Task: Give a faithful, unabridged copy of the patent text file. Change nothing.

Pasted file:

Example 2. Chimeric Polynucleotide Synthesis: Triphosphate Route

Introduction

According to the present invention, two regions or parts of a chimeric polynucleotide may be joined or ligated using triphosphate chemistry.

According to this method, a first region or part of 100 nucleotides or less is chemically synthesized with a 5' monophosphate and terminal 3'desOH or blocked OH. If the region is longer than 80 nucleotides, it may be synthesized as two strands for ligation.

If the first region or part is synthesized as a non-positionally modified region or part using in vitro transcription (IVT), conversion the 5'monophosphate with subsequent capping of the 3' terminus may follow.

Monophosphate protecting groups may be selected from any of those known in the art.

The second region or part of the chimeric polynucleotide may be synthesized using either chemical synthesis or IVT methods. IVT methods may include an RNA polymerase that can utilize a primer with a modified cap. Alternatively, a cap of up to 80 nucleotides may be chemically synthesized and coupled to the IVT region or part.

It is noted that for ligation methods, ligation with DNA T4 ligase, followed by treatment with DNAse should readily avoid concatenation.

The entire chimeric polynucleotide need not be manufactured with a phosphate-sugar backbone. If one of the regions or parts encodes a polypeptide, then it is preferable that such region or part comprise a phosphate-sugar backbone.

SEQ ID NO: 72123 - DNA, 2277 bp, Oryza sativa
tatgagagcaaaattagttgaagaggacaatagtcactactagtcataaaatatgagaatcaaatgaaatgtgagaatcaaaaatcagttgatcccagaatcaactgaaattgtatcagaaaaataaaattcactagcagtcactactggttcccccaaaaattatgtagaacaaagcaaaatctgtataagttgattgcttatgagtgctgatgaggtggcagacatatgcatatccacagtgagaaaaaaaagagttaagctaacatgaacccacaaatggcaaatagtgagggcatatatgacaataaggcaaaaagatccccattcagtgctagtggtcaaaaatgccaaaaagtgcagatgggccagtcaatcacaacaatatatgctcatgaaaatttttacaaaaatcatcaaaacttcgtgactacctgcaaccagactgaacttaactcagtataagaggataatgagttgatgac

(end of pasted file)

Example 2. Chimeric Polynucleotide Synthesis: Triphosphate Route

Introduction

According to the present invention, two regions or parts of a chimeric polynucleotide may be joined or ligated using triphosphate chemistry.

According to this method, a first region or part of 100 nucleotides or less is chemically synthesized with a 5' monophosphate and terminal 3'desOH or blocked OH. If the region is longer than 80 nucleotides, it may be synthesized as two strands for ligation.

If the first region or part is synthesized as a non-positionally modified region or part using in vitro transcription (IVT), conversion the 5'monophosphate with subsequent capping of the 3' terminus may follow.

Monophosphate protecting groups may be selected from any of those known in the art.

The second region or part of the chimeric polynucleotide may be synthesized using either chemical synthesis or IVT methods. IVT methods may include an RNA polymerase that can utilize a primer with a modified cap. Alternatively, a cap of up to 80 nucleotides may be chemically synthesized and coupled to the IVT region or part.

It is noted that for ligation methods, ligation with DNA T4 ligase, followed by treatment with DNAse should readily avoid concatenation.

The entire chimeric polynucleotide need not be manufactured with a phosphate-sugar backbone. If one of the regions or parts encodes a polypeptide, then it is preferable that such region or part comprise a phosphate-sugar backbone.

SEQ ID NO: 72123 - DNA, 2277 bp, Oryza sativa
tatgagagcaaaattagttgaagaggacaatagtcactactagtcataaaatatgagaatcaaatgaaatgtgagaatcaaaaatcagttgatcccagaatcaactgaaattgtatcagaaaaataaaattcactagcagtcactactggttcccccaaaaattatgtagaacaaagcaaaatctgtataagttgattgcttatgagtgctgatgaggtggcagacatatgcatatccacagtgagaaaaaaaagagttaagctaacatgaacccacaaatggcaaatagtgagggcatatatgacaataaggcaaaaagatccccattcagtgctagtggtcaaaaatgccaaaaagtgcagatgggccagtcaatcacaacaatatatgctcatgaaaatttttacaaaaatcatcaaaacttcgtgactacctgcaaccagactgaacttaactcagtataagaggataatgagttgatgac